A tab character (ASCII char 9, EBCDIC char 5) causes a horizontal movement to the next tab stop (much like it did on a typewriter).
This escape is a non-interpreted tab character. In copy mode (see Copy-in Mode),
\tis the same as a real tab character.
Change tab stop positions. This request takes a series of tab specifiers as arguments (optionally divided into two groups with the letter ‘T’) which indicate where each tab stop is to be (overriding any previous settings).
Tab stops can be specified absolutely, i.e., as the distance from the left margin. For example, the following sets 6 tab stops every one inch..ta 1i 2i 3i 4i 5i 6i
Tab stops can also be specified using a leading ‘+’ which means that the specified tab stop is set relative to the previous tab stop. For example, the following is equivalent to the previous example..ta 1i +1i +1i +1i +1i +1i
gtroffsupports an extended syntax to specify repeat values after the ‘T’ mark (these values are always taken as relative) – this is the usual way to specify tabs set at equal intervals. The following is, yet again, the same as the previous examples. It does even more since it defines an infinite number of tab stops separated by one inch..ta T 1i
Now we are ready to interpret the full syntax given at the beginning: Set tabs at positions n1, n2, ..., nn and then set tabs at nn+r1, nn+r2, ..., nn+rn and then at nn+rn+r1, nn+rn+r2, ..., nn+rn+rn, and so on.
Example: ‘4c +6c T 3c 5c 2c’ is equivalent to ‘4c 10c 13c 18c 20c 23c 28c 30c ...’.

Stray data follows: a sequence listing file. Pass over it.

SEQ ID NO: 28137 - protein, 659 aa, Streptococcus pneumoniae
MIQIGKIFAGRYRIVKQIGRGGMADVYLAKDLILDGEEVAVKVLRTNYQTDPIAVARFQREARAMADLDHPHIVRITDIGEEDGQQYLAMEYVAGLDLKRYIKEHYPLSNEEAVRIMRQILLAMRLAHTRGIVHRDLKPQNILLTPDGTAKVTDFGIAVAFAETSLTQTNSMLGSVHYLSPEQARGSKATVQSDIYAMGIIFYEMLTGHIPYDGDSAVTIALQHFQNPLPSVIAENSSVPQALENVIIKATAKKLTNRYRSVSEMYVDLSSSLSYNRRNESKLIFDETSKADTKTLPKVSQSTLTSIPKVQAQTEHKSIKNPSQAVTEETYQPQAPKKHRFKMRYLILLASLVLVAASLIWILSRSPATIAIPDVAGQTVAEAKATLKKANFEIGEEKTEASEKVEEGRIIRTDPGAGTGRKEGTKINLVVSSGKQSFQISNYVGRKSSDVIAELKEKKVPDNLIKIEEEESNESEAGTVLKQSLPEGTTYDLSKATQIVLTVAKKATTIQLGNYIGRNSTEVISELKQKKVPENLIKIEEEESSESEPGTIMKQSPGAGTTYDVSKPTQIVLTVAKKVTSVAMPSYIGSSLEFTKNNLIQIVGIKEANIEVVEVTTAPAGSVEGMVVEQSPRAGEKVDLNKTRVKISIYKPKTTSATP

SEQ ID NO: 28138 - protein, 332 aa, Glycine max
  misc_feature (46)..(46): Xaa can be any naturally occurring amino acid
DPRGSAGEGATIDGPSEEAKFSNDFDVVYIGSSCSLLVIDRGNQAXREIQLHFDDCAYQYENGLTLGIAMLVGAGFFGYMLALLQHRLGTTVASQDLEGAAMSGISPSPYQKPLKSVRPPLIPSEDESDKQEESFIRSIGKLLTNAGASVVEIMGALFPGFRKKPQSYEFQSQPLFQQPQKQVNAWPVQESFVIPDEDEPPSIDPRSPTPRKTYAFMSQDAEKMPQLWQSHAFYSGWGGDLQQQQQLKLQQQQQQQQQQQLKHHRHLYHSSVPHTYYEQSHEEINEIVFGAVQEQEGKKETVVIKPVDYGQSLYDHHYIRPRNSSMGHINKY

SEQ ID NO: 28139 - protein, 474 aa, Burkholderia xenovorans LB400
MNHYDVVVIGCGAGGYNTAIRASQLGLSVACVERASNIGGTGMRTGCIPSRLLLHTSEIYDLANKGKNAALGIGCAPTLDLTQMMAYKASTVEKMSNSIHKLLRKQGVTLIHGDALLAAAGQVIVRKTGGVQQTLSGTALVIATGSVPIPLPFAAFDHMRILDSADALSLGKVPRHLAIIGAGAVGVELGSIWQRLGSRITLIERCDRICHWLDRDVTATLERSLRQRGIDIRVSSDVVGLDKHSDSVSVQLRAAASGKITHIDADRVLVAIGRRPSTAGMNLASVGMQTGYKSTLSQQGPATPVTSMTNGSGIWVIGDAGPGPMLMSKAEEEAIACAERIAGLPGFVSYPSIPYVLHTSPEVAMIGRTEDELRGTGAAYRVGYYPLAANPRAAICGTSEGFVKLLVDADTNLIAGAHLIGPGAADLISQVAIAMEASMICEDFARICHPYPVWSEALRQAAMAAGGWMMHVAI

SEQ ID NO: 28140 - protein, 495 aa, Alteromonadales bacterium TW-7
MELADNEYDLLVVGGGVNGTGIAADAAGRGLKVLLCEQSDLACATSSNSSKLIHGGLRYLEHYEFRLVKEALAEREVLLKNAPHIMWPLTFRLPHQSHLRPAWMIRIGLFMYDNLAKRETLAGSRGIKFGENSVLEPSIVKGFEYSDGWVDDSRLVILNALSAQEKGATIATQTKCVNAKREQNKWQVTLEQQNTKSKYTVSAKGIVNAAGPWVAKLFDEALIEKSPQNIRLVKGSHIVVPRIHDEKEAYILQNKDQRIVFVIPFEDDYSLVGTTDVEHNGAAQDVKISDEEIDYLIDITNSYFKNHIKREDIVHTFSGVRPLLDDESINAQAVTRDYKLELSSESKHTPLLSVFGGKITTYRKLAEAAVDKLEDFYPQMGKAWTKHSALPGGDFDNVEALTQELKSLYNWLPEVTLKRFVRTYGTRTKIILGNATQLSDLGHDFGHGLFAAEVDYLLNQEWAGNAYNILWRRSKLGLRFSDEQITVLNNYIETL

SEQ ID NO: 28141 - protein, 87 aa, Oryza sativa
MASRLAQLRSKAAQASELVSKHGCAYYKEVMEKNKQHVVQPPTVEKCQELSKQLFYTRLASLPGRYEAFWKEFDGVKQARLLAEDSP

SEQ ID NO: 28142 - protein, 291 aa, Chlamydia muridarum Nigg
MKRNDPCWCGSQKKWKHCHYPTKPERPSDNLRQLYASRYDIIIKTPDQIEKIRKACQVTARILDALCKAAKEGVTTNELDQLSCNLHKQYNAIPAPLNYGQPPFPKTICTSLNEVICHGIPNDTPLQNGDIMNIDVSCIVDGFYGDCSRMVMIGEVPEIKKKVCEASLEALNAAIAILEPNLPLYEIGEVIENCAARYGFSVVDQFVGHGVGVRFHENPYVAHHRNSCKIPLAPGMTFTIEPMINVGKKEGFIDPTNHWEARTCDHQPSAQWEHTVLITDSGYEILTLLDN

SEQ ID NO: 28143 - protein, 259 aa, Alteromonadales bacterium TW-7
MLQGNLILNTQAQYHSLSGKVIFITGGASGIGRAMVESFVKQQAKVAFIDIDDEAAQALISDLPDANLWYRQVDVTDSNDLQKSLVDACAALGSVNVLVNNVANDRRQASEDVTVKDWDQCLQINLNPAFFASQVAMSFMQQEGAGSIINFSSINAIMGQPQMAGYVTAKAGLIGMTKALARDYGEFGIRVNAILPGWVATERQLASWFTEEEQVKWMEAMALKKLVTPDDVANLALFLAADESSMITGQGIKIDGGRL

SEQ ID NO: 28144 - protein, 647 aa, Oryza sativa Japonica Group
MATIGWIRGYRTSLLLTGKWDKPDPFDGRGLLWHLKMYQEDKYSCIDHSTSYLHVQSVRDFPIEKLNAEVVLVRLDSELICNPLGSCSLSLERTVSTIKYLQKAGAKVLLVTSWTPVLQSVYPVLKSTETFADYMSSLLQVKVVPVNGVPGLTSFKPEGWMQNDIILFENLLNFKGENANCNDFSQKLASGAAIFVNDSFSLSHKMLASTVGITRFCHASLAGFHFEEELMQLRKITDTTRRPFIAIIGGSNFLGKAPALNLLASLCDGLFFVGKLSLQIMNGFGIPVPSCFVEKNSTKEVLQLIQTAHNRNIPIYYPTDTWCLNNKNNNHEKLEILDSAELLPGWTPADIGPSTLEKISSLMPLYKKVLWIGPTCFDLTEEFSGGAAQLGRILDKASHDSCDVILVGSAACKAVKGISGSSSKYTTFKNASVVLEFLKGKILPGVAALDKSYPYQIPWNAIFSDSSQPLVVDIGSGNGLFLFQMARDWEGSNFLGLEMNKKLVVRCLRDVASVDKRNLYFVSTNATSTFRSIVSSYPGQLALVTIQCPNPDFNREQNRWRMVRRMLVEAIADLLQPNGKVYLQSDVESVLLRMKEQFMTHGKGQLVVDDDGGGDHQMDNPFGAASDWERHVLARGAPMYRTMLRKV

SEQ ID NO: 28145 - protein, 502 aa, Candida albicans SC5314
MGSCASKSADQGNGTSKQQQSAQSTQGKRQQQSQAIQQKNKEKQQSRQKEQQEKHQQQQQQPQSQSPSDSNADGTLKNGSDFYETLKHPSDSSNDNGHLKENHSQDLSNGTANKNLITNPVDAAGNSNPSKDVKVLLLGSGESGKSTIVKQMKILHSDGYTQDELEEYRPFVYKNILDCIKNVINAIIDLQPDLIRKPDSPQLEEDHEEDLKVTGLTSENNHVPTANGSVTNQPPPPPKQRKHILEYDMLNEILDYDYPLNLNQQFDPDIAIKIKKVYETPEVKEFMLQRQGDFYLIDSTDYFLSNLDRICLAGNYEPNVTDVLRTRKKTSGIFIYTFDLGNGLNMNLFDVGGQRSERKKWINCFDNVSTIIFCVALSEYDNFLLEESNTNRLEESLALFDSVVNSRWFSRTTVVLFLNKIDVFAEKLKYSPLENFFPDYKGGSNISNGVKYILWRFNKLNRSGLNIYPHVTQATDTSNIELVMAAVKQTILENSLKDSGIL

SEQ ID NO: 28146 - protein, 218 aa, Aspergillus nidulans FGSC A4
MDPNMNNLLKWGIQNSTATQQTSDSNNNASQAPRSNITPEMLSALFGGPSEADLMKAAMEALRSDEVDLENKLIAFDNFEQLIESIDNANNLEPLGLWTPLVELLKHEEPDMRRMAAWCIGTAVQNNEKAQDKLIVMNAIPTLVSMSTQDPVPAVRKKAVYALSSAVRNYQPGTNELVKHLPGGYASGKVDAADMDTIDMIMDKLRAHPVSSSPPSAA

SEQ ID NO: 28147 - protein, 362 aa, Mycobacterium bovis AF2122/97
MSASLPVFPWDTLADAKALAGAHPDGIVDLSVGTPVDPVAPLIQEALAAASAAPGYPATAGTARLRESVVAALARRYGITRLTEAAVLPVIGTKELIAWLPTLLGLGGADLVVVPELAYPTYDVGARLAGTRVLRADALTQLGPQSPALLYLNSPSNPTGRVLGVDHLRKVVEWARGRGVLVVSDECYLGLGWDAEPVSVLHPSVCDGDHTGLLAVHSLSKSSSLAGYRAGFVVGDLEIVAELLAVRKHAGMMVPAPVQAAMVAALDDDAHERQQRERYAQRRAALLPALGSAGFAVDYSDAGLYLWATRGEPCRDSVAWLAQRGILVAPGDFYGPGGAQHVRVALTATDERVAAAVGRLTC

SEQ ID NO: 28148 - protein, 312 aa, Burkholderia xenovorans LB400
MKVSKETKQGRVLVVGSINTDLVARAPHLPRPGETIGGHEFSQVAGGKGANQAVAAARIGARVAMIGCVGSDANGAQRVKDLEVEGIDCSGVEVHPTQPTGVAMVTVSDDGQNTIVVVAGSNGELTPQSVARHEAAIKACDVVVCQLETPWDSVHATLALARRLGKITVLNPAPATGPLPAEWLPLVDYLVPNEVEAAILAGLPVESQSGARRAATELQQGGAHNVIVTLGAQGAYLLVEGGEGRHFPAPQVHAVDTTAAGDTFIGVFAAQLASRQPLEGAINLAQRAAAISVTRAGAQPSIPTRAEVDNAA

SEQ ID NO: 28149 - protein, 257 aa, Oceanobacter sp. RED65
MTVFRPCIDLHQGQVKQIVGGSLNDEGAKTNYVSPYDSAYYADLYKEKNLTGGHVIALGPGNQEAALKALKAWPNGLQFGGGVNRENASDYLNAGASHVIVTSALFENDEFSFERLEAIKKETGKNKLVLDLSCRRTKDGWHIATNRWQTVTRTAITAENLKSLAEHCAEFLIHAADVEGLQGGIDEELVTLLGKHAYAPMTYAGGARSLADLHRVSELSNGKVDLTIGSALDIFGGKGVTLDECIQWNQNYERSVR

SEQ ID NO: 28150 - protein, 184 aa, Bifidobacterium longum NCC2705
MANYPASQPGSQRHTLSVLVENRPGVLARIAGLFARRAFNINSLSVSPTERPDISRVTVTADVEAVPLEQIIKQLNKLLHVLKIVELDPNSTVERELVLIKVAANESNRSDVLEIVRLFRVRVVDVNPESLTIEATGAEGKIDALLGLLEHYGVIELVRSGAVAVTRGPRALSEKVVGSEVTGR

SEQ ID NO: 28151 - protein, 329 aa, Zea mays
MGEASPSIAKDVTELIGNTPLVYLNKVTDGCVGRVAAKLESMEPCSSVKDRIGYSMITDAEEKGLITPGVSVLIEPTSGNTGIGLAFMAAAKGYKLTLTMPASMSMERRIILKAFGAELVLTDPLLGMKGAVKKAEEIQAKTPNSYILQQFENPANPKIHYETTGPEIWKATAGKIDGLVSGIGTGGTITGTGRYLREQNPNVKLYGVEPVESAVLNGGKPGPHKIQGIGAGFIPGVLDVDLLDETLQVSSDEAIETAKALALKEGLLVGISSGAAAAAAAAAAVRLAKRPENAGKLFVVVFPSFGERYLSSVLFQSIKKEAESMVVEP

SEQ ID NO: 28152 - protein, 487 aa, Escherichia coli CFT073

The material in each tab column (i.e., the column between two tab stops) may be justified to the right or left or centered in the column. This is specified by appending ‘R’, ‘L’, or ‘C’ to the tab specifier. The default justification is ‘L’. Example:.ta 1i 2iC 3iR
- The default unit of the
tarequest is ‘m’.
- A tab stop is converted into a non-breakable horizontal movement which can be neither stretched nor squeezed. For example,.ds foo a\tb\tc .ta T 5i \*[foo]
creates a single line which is a bit longer than 10 inches (a string is used to show exactly where the tab characters are). Now consider the following:.ds bar a\tb b\tc .ta T 5i \*[bar]
gtrofffirst converts the tab stops of the line into unbreakable horizontal movements, then splits the line after the second ‘b’ (assuming a sufficiently short line length). Usually, this isn't what the user wants.
- Superfluous tabs (i.e., tab characters which do not correspond to a tab stop) are ignored except the first one which delimits the characters belonging to the last tab stop for right-justifying or centering. Consider the following example.ds Z foo\tbar\tfoo .ds ZZ foo\tbar\tfoobar .ds ZZZ foo\tbar\tfoo\tbar .ta 2i 4iR \*[Z] .br \*[ZZ] .br \*[ZZZ] .br
which produces the following output:foo bar foo foo bar foobar foo bar foobar
The first line right-justifies the second `foo' relative to the tab stop. The second line right-justifies `foobar'. The third line finally right-justifies only `foo' because of the additional tab character which marks the end of the string belonging to the last defined tab stop.
- Tab stops are associated with the current environment (see Environments).
tawithout an argument removes all tab stops.
- The start-up value of
gtroffis ‘T 0.8i’..ds tab-string \n[.tabs] \*[tab-string] ⇒ T120u
gtrofffills the space to the next tab stop with whitespace. This can be changed with the
tcrequest. With no argument
gtroffreverts to using whitespace, which is the default. The value of this tab repetition character is associated with the current environment (see Environments).1
If n is missing or not zero, enable line-tabs mode, or disable it otherwise (the default). In line-tabs mode,
gtroffcomputes tab distances relative to the (current) output line instead of the input line.
For example, the following code:.ds x a\t\c .ds y b\t\c .ds z c .ta 1i 3i \*x \*y \*z
in normal mode, results in the outputa b c
in line-tabs mode, the same code outputsa b c
Line-tabs mode is associated with the current environment. The read-only register
.linetabsis set to 1 if in line-tabs mode, and 0 in normal mode.
 Tab repetition character is a misnomer since it is an output glyph.